Posted on April 14, 2023
By Rose-Anne Uwague, Parent Ambassador, ACNJ Parent Leadership Council
Parent of three children ages 6, 8, and a newborn. Lives in Jersey City in Legislative District 31.
Advocating for better breastfeeding policies and accessible quality child care.
I used to think very black or white. It’s either this or that.
Now, I am exploring the gray and becoming more comfortable with it.
Have you heard of the tension of the opposites? Simply put, it is the idea that two seemingly opposite things can be true at the same time. Motherhood is a great example. And so is Black maternal health. To me, it is both/and.
As we celebrate Black Maternal Health Week, I reflect on my motherhood journey and conclude that motherhood is a paradox. For background, my husband and I are parents to three boys ages 8, 6, and a newborn born March 2023. Our two older sons were born in New York City using the same hospital and obstetrician. I didn’t know a lot about the disparities in healthcare and I never experienced any ill-treatment or poor service. We are now New Jerseyans and in 2020, I became a maternal health advocate.
Motherhood is both rewarding and utterly challenging at the same time.
It can bring joy and pain…
It is beautiful and messy…
You get the idea.
In the same light, Black Maternal Health Week is both a joyous acknowledgment and a disheartening call for action. Why the emphasis on Black? I believe that the health of ALL mothers matter.
Well, according to the World Health Organization, the majority of birth-related deaths were preventable and while progress has been made, significant disparities still exist in our communities. The emphasis is a desperate outcry because the CDC reports that Black women are three times more likely to die from a pregnancy-related cause than white women.
The State of New Jersey has a slightly different statistic and I was floored to learn that New Jersey ranks 47th in the nation for maternal deaths (flip that statistic - in a country with 50 states, NJ is the third deadliest state to deliver a baby) and has one of the widest racial disparities for both maternal and infant mortality. A Black mother in New Jersey is over seven times more likely than a white mother to die from maternity-related complications, and a Black baby is over three times more likely than a white baby to die before his or her first birthday.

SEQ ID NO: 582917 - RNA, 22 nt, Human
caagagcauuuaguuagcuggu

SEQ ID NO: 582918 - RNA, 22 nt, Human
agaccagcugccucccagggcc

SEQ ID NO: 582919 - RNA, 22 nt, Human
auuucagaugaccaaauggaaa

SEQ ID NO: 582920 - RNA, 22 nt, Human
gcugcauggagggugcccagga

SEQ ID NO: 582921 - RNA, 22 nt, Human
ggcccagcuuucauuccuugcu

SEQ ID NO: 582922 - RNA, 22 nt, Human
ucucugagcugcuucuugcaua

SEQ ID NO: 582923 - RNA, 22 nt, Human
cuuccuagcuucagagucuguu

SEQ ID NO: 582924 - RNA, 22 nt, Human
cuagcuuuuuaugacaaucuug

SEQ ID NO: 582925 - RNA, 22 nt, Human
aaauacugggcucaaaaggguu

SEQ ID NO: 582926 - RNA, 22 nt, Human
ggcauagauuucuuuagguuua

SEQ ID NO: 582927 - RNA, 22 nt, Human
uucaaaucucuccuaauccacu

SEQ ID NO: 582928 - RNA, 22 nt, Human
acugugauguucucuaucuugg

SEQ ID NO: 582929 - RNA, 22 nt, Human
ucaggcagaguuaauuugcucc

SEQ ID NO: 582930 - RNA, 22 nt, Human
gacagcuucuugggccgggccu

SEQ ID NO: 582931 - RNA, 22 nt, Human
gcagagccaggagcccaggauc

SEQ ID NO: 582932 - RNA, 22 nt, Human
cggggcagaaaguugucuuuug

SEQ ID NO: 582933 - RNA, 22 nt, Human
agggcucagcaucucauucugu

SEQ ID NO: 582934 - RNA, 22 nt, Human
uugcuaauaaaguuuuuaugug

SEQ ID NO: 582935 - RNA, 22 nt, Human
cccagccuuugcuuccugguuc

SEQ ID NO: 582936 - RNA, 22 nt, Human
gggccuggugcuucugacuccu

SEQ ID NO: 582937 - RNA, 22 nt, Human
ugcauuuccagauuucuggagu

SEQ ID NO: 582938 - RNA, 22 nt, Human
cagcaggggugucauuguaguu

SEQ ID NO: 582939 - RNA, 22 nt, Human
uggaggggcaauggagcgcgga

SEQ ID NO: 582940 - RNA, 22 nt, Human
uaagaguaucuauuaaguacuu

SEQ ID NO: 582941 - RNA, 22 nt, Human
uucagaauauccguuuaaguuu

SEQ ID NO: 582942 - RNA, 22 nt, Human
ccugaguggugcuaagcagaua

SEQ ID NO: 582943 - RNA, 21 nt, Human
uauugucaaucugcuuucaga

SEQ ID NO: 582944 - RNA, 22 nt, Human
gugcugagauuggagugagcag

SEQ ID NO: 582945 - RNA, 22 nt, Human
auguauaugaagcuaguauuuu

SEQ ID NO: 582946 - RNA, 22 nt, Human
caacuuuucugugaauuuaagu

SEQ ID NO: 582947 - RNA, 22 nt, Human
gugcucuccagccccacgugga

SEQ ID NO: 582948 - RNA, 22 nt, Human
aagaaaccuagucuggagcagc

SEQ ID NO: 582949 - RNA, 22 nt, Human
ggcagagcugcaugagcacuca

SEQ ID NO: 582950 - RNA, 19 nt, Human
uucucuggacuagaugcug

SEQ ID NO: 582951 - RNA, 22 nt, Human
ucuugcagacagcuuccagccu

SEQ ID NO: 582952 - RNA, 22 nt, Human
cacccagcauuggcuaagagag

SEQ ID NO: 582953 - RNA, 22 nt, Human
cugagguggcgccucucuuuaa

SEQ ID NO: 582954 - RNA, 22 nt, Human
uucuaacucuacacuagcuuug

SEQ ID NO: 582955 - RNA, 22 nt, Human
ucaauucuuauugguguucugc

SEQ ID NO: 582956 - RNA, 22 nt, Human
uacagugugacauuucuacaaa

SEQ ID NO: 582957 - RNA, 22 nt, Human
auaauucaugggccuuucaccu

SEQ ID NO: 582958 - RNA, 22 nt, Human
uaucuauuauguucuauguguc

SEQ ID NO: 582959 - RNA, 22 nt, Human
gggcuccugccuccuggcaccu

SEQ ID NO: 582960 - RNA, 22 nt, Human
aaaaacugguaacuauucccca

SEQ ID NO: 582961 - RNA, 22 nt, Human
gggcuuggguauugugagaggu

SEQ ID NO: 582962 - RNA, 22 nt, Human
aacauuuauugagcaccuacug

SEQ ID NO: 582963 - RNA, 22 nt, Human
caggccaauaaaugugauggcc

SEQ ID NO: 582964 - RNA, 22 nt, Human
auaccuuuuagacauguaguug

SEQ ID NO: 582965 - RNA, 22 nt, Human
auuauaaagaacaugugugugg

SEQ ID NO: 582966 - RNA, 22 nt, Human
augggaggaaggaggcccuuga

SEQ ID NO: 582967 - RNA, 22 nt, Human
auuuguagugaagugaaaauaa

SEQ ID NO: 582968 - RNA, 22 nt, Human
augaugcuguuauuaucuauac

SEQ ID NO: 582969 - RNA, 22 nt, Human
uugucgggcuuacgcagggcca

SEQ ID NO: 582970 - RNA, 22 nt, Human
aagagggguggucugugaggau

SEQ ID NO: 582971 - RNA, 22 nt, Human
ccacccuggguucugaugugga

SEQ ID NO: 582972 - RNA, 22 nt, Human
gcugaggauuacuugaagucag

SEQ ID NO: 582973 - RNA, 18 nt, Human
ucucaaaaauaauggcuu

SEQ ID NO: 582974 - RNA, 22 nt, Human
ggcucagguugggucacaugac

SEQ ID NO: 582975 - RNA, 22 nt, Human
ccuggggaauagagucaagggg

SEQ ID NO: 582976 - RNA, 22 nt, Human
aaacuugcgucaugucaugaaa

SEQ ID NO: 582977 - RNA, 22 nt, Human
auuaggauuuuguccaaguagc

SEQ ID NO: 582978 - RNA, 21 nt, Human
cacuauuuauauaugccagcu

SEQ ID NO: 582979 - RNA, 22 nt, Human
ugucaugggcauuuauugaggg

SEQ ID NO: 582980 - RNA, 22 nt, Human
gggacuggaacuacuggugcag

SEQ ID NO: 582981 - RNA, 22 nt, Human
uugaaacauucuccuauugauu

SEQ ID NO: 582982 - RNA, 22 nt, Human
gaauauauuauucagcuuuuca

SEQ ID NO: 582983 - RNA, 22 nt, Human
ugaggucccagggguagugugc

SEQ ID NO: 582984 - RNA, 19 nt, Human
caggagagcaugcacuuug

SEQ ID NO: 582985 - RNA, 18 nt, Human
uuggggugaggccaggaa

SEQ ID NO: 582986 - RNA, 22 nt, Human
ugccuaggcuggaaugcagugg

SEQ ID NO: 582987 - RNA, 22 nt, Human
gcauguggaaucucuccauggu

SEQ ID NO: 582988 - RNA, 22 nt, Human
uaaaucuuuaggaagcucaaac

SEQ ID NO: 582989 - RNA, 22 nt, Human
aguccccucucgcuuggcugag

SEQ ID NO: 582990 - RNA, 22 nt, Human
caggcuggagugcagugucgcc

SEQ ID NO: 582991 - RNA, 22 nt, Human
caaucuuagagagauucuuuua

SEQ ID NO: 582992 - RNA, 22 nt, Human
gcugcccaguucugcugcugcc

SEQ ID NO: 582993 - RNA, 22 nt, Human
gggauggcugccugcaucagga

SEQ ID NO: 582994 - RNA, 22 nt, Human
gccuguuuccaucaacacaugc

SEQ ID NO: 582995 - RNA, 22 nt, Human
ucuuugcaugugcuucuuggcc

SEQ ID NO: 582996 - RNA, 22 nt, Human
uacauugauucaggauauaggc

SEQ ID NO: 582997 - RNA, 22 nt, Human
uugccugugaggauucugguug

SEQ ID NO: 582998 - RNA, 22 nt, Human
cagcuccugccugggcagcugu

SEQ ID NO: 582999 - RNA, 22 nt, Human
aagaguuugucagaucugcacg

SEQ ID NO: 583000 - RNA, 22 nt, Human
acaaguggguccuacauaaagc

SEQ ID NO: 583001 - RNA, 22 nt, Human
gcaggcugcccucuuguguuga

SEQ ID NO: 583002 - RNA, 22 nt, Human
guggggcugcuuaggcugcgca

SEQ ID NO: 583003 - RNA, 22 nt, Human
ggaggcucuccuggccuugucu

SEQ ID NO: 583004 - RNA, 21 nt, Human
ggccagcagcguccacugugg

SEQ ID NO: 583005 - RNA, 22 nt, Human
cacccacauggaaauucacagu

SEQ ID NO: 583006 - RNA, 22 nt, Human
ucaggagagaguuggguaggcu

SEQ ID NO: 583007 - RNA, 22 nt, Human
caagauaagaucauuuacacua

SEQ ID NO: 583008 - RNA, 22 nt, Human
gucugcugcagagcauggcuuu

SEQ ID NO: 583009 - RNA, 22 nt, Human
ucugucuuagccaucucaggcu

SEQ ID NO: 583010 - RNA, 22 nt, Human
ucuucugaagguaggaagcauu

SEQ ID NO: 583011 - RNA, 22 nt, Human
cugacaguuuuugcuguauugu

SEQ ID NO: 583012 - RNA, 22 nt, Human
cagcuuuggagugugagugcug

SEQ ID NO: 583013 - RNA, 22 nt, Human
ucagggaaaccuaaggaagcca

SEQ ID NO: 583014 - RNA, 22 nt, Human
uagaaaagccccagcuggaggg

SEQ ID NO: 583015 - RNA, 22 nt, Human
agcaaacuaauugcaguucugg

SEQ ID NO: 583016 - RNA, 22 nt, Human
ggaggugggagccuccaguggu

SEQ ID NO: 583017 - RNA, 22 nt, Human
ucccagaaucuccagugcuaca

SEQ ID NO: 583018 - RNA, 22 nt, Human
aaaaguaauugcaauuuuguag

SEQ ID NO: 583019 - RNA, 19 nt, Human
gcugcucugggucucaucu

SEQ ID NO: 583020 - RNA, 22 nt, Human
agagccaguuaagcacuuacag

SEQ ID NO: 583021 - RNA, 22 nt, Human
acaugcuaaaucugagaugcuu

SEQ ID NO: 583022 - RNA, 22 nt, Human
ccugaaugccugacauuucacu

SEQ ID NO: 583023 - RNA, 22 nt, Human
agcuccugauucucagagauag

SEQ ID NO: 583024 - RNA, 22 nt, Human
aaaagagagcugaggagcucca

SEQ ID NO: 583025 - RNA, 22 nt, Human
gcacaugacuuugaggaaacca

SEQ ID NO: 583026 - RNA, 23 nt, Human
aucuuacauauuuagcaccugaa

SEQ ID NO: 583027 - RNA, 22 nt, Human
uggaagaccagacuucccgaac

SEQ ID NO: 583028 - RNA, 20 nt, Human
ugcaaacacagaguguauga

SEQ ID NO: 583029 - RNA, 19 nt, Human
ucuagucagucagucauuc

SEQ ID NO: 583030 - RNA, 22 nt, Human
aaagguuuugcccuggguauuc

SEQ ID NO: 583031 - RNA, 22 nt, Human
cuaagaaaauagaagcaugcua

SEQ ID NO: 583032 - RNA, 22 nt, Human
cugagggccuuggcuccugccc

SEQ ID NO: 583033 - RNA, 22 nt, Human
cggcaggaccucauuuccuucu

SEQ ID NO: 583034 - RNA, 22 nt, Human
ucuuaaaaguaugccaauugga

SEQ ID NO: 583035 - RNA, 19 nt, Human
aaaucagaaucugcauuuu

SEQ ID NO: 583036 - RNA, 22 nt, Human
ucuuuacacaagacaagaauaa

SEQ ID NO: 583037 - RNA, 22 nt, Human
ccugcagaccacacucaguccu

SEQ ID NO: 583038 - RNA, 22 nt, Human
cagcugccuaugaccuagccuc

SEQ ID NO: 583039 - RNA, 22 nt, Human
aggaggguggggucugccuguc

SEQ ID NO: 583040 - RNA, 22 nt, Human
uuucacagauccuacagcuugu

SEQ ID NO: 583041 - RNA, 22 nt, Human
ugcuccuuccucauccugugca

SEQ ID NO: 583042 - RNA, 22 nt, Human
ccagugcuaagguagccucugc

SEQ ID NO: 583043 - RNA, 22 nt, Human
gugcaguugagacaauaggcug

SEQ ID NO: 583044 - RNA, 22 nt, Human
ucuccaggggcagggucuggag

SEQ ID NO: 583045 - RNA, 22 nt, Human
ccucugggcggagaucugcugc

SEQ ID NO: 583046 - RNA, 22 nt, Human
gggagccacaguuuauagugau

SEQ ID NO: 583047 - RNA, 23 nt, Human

Whether it is three more times or seven more times, knowledge is power, and at the same time, ignorance is bliss. I was very intentional about what I consumed via media, articles, and information. I knew that I had to protect my heart and my mind so I would not have a victim mentality or gross distrust for professionals who genuinely wanted to help me. When I interviewed doulas to support me in my birthing journey, I asked them to hold me accountable to one thing - having a balanced approach to medical opinions. In other words, not allowing my knowledge of misuse, abuse, systemic issues, and poor maternal outcomes to cloud my judgment or tarnish my ability to trust the medical staff.
My care team included a strong relationship with God, a supportive husband, our two sons, family, and friends, a chiropractor, an obstetrician, a nurse, and an amazing doula. I am thrilled to report that I had an amazing birthing experience.
I recall thanking the care team and coming to tears of joy feeling so blessed and grateful to have had such a positive experience. Immediately after, the tears of joy became hot, passionate, and angry tears as that gratitude was also fueled by the fact that I did not become a statistic or have a traumatic experience.
My gratitude should not be in spite of my Blackness. The treatment I received should be accessible to every woman. So as we celebrate mothers and babies globally and uplift Black maternal health, I call on the maternal health community—health administrators, policymakers, clinicians, advocates — to shift the narrative from victim to victor, and from Black woman to human.
Reignite Black birthing joy.
Birthing is a beautiful experience and it should be FOR ALL.
Black maternal health can be both informative and inspiring. Then we lose the tension and engage in positivity.
I’m Rose-Anne Uwague, an Executive Function Productivity Coach, maternal health advocate, wife to King Izoduwa, and a mom of three boys.